80% of the brain is water. Your brain isn’t the firm, gray mass you’ve seen on tv. Living brain tissue is a squishy, pink and jelly-like organ thanks to the loads of blood and high water content of the tissue. So the next time you’re feeling dehydrated get a drink to keep your brain hydrated.
Post kidney transplant, most people have a low immunity due to the powerful medications that are prescribed to avoid rejection of the organ. These medications tend to make the patients more prone to infections and hence, following strict dietary guidelines is necessary to avoid any complication. Also, as most people suffering from kidney failure are diabetic, hypertensive or suffer from heart disease, dietary control is mandatory. Moreover, the use of immunosuppressive drugs can increase your risk of diabetes, hypertension or heart disease.
#1: eat a protein rich diet
After a kidney transplant, the body requires more proteins to aid in the healing process and improve immunity. This is the reason, why consuming proteins should not be limited. Also, patients who were previously on dialysis had a lower protein intake, post kidney transplant, the consumption of proteins is recommended to be increased. Here are 6 protein sources for vegetarians.
#2: do not eat raw fruits
Intake of raw fruits is not advised as there is a high risk of infection due to raw food. However, you can eat fruits in stewed form as cooking lowers the active bacterial load, thereby lowering your risk of infection.
#3: include curd in your diet
Curd contains good quality protein, which is required for healing post-transplant, hence, curd should be eaten. As far as sour foods like lime and tamarind are concerned, eating them is also okay. But avoid eating grapes as they are known to interact with immune suppressive drugs and hinder healing of the kidney. Also read about 11 diet do’s and don’ts for people with kidney problems.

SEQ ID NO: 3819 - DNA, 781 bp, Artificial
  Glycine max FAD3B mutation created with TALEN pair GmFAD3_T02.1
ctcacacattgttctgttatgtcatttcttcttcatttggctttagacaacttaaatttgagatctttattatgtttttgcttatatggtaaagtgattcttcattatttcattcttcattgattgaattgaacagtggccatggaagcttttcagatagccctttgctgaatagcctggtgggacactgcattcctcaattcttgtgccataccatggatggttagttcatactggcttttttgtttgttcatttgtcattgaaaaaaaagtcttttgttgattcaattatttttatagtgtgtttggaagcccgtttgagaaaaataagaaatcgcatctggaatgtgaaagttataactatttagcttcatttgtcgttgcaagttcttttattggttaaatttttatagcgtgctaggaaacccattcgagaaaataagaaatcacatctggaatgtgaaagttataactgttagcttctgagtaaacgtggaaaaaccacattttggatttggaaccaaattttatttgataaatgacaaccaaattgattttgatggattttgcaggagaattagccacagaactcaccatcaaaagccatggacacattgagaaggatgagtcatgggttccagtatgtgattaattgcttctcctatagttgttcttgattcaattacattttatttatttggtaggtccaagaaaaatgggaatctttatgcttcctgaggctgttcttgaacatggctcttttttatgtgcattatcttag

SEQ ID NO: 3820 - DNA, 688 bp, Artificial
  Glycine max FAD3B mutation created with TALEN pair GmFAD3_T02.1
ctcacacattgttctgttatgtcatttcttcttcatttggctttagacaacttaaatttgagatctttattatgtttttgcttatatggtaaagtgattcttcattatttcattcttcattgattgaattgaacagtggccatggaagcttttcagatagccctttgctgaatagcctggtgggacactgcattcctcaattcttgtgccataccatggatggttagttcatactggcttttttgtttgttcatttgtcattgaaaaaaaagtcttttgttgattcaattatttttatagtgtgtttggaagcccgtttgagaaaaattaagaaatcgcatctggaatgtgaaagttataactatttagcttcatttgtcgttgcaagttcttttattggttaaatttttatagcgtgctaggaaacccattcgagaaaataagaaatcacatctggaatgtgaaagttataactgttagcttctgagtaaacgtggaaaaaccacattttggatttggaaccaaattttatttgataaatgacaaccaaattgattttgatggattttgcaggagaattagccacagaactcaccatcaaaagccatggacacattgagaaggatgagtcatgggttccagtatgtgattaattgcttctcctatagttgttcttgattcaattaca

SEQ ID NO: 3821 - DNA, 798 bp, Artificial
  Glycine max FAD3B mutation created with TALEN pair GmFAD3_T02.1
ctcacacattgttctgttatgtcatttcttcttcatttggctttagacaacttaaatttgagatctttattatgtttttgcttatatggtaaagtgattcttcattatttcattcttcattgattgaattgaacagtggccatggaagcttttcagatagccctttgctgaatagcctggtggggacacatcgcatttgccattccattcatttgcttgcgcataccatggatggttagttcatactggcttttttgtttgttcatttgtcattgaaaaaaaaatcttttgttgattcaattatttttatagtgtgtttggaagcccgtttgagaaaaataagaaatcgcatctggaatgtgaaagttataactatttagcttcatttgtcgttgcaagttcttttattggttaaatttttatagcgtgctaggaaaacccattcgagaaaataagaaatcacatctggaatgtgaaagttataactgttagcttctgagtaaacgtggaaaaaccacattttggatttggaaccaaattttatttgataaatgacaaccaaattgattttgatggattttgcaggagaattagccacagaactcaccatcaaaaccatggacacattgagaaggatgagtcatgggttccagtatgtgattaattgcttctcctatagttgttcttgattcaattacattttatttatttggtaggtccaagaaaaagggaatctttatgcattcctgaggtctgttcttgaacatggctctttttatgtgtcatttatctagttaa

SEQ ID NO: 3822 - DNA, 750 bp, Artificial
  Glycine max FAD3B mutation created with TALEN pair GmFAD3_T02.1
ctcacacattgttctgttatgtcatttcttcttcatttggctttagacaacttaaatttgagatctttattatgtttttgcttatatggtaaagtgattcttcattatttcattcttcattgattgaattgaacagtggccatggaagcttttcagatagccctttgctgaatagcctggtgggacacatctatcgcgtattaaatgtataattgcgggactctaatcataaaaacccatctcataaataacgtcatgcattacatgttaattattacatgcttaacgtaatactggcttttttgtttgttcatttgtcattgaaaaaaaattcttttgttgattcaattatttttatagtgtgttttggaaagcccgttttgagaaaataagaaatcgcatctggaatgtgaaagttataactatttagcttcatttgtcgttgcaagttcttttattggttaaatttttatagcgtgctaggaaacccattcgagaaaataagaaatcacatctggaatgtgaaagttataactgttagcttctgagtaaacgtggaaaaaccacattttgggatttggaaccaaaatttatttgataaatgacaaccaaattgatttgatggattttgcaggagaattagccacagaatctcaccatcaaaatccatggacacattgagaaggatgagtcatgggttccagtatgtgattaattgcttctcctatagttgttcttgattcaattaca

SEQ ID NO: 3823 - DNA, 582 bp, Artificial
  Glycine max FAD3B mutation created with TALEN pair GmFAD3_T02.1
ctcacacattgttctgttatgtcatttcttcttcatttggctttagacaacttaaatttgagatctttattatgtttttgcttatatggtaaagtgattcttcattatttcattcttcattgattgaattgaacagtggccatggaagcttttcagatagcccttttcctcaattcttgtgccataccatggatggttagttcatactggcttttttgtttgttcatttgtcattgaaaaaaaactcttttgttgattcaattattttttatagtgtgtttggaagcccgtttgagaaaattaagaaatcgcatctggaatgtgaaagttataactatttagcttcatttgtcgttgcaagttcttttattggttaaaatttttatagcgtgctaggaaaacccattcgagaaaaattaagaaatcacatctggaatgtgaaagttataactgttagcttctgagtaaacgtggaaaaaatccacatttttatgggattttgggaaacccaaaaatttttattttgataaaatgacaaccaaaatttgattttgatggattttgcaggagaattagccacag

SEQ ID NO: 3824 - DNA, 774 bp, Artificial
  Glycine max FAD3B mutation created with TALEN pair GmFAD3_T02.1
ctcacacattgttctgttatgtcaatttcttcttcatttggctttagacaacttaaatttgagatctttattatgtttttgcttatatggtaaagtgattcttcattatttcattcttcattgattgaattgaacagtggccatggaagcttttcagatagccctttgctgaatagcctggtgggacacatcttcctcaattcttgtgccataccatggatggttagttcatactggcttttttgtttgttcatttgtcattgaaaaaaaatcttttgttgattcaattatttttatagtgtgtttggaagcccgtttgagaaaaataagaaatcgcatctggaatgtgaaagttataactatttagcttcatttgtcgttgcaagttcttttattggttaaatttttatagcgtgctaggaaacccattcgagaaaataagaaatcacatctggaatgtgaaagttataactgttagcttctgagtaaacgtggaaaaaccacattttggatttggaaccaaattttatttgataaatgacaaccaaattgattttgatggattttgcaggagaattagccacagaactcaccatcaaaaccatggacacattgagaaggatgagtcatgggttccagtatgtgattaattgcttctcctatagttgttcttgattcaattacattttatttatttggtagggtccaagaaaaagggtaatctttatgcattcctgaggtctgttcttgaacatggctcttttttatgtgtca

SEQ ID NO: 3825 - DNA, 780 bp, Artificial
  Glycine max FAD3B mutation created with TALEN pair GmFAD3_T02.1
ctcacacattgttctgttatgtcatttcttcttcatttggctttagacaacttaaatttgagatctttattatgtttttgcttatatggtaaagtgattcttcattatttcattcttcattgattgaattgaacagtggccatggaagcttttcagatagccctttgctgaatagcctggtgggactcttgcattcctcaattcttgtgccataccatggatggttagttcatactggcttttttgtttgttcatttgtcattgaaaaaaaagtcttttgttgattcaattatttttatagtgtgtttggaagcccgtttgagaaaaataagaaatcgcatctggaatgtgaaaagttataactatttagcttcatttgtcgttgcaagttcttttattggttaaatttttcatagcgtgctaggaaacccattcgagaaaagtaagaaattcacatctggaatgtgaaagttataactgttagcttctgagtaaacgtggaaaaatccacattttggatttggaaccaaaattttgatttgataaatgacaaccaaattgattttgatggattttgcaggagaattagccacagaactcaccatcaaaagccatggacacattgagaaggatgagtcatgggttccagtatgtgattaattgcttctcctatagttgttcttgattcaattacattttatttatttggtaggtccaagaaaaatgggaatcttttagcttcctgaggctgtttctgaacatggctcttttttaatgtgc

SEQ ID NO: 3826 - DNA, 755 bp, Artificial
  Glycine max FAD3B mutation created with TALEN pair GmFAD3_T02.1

#4: you need not avoid fruits/ vegetables with seeds
Foods with seeds like tomato, brinjal, ladies finger, guava, watermelon, etc are considered harmless and can be taken after transplant, provided other biochemical parameters like electrolytes and cholesterol are within normal range. Also, ensure that the level of potassium in the blood is within control. However, if you are suffering from kidney stones, it is better to avoid these foods.
#5: you might need to take protein supplements
People who undergo kidney transplants are recommended protein supplements during the initial stage, however, it varies from person to person. In most cases, post kidney transplant, patients recover their appetite, hence there’s no need for any supplements. However, if the patient feels that his protein intake is not optimal, he can continue taking supplements post-transplant, but only after consulting a nephrologist.
Unlike the common misconception that kidney transplant recipients can eat everything after a transplant, you need to follow a disciplined dietary routine with numerous restrictions, depending upon your overall recovery and health. You can start eating out after three to six months of kidney transplantation, as it is the average time taken for the immuno-suppression to be stable and be at a low level. However, raw food, salads, fruits and foods kept open should be strictly avoided, even in general.
I am suffering from disk and Knee joint pains for the past 10 years I have already done panchakarma treatment. There is no result? What can I Do?
I am 39 years my weight is 95 kg, my height is 5.4, I have ligament tear in my right knee, I have slip disc in l4, l5, high bp. Etc, please suggest how to loose weight. Rapidly fast if any medicine that can help to reduce the weight.